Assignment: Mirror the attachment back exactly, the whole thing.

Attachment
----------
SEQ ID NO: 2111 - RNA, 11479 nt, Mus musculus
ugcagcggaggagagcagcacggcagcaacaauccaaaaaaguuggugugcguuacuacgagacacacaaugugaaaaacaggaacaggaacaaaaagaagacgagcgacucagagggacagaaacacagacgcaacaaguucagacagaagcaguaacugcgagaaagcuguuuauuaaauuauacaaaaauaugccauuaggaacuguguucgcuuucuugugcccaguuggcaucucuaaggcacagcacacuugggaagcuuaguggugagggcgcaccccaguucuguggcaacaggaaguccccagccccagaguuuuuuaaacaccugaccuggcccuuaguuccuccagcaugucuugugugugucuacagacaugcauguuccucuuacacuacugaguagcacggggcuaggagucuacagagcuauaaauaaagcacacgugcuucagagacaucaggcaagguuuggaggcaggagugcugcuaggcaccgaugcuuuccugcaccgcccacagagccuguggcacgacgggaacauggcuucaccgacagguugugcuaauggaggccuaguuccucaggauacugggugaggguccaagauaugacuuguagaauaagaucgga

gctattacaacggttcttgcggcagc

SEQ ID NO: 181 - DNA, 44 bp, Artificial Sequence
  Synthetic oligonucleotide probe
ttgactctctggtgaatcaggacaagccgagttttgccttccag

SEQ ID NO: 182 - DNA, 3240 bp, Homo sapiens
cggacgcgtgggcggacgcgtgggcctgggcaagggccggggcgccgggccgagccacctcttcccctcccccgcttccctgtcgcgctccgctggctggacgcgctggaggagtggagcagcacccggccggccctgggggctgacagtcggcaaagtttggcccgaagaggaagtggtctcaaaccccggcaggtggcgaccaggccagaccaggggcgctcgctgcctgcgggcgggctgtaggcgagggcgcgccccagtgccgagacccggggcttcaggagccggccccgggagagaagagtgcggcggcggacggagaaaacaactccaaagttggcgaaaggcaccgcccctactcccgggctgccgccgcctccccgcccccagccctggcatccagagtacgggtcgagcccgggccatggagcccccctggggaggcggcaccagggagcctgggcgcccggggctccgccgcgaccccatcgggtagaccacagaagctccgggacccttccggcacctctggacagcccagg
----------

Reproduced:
SEQ ID NO: 2111 - RNA, 11479 nt, Mus musculus
ugcagcggaggagagcagcacggcagcaacaauccaaaaaaguuggugugcguuacuacgagacacacaaugugaaaaacaggaacaggaacaaaaagaagacgagcgacucagagggacagaaacacagacgcaacaaguucagacagaagcaguaacugcgagaaagcuguuuauuaaauuauacaaaaauaugccauuaggaacuguguucgcuuucuugugcccaguuggcaucucuaaggcacagcacacuugggaagcuuaguggugagggcgcaccccaguucuguggcaacaggaaguccccagccccagaguuuuuuaaacaccugaccuggcccuuaguuccuccagcaugucuugugugugucuacagacaugcauguuccucuuacacuacugaguagcacggggcuaggagucuacagagcuauaaauaaagcacacgugcuucagagacaucaggcaagguuuggaggcaggagugcugcuaggcaccgaugcuuuccugcaccgcccacagagccuguggcacgacgggaacauggcuucaccgacagguugugcuaauggaggccuaguuccucaggauacugggugaggguccaagauaugacuuguagaauaagaucgga

gctattacaacggttcttgcggcagc

SEQ ID NO: 181 - DNA, 44 bp, Artificial Sequence
  Synthetic oligonucleotide probe
ttgactctctggtgaatcaggacaagccgagttttgccttccag

SEQ ID NO: 182 - DNA, 3240 bp, Homo sapiens
cggacgcgtgggcggacgcgtgggcctgggcaagggccggggcgccgggccgagccacctcttcccctcccccgcttccctgtcgcgctccgctggctggacgcgctggaggagtggagcagcacccggccggccctgggggctgacagtcggcaaagtttggcccgaagaggaagtggtctcaaaccccggcaggtggcgaccaggccagaccaggggcgctcgctgcctgcgggcgggctgtaggcgagggcgcgccccagtgccgagacccggggcttcaggagccggccccgggagagaagagtgcggcggcggacggagaaaacaactccaaagttggcgaaaggcaccgcccctactcccgggctgccgccgcctccccgcccccagccctggcatccagagtacgggtcgagcccgggccatggagcccccctggggaggcggcaccagggagcctgggcgcccggggctccgccgcgaccccatcgggtagaccacagaagctccgggacccttccggcacctctggacagcccagg